Cinema should, ideally anyway, ask a question. The only question posed by Irradiated is – what was the point of all that? It’s more of a video installation than a film, and the 9am competition screening at this year’s Berlinale resulted in a noticeable number of walkouts, with more than a few journalists taking the opportunity to nap.
The piece is little more than a selection of archival footage about war, presented without description or context. There’s nothing recent, though: the Vietnam War is the latest inclusion. Alternating between three split screens displaying the same image (often with a slight variation in framing and timing between them) and a full-screen presentation, it seems as though Rithy Panh (credited as director, co-writer, co-producer and editor) is less a filmmaker and more a curator.
Panh’s circumspect input is essentially the insertion of brief sequences of actors in Kabuki-style makeup (making them look more than a little like the ghosts in the Grudge series). But all they do is wander around, looking baffled and anguished – much like the crowd after the press screening.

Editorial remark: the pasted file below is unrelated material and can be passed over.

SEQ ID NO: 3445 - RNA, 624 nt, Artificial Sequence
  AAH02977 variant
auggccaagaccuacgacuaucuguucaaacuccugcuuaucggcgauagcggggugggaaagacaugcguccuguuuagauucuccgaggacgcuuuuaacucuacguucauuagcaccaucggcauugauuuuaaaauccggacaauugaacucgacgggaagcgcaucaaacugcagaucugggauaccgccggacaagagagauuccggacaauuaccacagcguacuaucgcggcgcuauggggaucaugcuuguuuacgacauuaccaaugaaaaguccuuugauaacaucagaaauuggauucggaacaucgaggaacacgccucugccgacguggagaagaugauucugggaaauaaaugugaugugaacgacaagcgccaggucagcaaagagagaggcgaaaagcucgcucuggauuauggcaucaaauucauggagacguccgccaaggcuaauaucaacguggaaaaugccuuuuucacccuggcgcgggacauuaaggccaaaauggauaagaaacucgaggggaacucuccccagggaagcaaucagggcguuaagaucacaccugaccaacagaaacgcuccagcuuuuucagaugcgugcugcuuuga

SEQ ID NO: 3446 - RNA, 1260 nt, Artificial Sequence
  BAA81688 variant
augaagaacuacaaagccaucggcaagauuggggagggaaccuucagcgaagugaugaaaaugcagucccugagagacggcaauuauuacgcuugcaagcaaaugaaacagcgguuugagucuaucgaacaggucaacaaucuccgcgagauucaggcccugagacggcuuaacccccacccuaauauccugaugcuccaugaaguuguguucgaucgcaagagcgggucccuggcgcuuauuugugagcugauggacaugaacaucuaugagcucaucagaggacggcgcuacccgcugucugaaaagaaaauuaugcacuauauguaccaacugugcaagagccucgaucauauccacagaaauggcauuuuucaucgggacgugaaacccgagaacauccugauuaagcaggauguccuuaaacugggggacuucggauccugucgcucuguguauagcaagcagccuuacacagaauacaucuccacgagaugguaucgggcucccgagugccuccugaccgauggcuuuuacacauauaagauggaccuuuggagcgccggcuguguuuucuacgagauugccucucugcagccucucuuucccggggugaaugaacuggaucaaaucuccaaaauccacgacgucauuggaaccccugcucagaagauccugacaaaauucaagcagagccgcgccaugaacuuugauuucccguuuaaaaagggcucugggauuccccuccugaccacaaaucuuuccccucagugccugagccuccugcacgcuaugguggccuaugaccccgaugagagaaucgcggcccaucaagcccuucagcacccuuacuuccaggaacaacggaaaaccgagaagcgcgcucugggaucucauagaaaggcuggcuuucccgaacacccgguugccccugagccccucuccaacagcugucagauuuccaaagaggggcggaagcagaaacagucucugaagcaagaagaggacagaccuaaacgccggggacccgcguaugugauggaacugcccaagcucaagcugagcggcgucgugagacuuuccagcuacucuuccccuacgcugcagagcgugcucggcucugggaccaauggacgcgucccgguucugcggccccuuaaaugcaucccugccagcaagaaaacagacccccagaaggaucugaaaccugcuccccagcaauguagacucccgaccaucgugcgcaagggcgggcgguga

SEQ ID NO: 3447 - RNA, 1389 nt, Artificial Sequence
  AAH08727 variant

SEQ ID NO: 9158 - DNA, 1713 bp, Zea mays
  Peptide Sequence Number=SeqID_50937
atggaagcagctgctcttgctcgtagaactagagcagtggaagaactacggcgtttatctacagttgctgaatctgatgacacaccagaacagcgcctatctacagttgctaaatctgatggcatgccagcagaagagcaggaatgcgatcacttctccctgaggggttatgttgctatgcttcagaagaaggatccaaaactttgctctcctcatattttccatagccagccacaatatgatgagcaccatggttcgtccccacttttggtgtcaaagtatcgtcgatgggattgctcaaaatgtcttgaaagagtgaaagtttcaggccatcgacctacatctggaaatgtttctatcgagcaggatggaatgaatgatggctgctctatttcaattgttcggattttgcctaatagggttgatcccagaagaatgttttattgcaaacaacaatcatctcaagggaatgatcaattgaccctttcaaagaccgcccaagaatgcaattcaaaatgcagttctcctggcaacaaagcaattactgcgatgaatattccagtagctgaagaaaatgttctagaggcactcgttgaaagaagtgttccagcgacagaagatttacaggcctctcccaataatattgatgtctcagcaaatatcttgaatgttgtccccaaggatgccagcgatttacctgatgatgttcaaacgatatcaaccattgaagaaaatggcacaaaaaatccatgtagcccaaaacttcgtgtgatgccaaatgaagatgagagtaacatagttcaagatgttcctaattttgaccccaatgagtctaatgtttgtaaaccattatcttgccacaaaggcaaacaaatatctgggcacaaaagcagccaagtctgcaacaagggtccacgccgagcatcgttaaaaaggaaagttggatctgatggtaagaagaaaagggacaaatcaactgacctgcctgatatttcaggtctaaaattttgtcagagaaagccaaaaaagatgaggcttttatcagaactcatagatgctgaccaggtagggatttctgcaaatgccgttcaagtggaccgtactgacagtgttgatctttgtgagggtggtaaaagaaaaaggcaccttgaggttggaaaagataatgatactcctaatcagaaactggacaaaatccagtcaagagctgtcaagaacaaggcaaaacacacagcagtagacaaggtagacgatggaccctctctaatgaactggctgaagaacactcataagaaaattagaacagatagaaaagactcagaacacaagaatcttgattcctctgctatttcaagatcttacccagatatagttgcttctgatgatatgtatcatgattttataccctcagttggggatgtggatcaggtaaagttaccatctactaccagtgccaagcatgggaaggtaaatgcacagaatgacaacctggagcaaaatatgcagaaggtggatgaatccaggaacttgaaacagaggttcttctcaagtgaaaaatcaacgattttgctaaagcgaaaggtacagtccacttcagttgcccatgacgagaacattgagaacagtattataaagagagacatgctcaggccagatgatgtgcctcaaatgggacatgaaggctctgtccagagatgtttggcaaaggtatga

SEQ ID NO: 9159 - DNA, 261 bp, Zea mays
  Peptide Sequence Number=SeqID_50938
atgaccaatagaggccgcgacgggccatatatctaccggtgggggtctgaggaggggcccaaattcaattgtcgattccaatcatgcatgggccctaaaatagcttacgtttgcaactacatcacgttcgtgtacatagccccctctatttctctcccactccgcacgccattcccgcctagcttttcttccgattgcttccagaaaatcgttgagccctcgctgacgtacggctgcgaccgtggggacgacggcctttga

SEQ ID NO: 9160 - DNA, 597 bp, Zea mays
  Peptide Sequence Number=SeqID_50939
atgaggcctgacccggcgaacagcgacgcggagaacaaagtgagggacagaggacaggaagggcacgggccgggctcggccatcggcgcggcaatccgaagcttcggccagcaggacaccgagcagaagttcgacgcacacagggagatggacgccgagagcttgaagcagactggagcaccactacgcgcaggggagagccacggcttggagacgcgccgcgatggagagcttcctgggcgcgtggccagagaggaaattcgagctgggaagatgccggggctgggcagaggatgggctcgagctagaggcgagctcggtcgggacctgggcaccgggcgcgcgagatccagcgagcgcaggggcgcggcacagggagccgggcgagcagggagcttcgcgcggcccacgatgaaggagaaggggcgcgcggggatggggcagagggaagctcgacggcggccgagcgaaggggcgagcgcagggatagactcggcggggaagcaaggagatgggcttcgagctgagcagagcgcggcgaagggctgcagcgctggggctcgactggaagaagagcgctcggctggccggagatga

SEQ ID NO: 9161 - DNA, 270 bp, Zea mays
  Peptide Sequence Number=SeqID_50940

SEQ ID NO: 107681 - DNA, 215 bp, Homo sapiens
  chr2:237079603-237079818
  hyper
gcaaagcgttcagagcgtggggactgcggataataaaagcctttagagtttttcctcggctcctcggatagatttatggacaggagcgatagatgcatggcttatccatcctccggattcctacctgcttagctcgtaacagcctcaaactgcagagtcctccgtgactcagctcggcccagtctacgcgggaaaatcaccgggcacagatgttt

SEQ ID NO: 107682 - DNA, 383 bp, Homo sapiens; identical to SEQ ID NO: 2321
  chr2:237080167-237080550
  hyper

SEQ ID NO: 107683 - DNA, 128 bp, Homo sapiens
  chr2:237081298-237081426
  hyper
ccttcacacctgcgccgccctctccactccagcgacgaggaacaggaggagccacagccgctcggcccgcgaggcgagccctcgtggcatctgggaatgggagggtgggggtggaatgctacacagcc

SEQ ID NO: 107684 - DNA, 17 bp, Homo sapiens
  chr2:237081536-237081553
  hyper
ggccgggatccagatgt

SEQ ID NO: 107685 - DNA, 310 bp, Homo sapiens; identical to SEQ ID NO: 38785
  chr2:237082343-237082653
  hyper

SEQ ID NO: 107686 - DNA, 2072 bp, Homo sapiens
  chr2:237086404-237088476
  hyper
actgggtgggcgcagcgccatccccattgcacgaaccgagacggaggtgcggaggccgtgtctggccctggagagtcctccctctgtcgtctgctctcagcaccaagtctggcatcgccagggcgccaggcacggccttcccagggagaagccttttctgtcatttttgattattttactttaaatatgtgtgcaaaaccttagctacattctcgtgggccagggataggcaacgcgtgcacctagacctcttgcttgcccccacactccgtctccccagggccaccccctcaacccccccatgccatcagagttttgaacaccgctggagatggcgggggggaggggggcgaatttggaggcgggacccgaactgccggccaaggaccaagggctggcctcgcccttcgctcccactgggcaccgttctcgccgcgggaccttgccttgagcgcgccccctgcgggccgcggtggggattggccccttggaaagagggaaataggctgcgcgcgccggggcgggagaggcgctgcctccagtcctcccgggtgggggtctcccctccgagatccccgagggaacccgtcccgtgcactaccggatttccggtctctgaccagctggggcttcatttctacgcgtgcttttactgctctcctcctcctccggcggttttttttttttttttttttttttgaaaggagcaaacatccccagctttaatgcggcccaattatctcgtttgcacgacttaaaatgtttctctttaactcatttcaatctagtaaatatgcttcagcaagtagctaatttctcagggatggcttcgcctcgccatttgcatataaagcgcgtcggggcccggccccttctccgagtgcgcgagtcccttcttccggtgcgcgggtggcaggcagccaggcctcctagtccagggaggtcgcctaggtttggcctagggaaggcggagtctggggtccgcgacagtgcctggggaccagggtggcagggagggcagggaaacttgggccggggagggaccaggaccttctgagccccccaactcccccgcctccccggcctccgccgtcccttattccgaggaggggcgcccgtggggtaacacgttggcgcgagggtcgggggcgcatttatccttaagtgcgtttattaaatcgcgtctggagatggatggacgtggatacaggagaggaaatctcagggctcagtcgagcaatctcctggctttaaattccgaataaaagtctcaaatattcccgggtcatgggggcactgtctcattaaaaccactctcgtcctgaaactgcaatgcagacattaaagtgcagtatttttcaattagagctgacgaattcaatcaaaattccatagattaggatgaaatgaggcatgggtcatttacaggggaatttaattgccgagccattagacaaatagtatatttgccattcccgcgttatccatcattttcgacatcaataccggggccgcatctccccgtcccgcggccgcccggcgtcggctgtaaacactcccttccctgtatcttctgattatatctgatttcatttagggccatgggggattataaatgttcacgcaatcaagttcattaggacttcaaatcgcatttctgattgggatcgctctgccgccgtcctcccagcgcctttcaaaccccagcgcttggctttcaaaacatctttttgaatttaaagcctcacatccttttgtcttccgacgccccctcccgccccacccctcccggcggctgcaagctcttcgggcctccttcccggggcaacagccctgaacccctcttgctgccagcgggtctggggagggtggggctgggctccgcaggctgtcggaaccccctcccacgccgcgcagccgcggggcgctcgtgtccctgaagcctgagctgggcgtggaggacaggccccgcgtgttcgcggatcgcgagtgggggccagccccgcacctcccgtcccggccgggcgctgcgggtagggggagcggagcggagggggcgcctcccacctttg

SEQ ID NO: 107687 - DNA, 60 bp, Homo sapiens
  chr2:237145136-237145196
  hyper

The selection of footage is undeniably harrowing and horrifying, and any other adjective that can be flung in its direction, with emaciated corpses being bulldozed into mass graves. The gravity of the imagery is not diminished by repetition. However, there are only so many shots of bombs hurtling through a black-and-white sky that a person can take.
The film is overlaid with narration, alternating between a male and female voice, speaking words that are meant to be profound, but come across as the worst kind of know-it-all undergraduate philosophy student (“Death is invisible in the sky”; “Under my earthen bowl is a dried leaf”). There’s an audacity that borders on hubris for even attempting a project of this nature, and its reason for existence could only conceivably be if it had something new to say. It does not. Despite its depictions of humankind’s capacity for pure evil, Irradiated is strangely reductive.
Irradiated (Irradiés) does not have a UK release date yet.
Read more reviews from our Berlin Film Festival 2020 coverage here.
For further information about the event visit the Berlin Film Festival website here.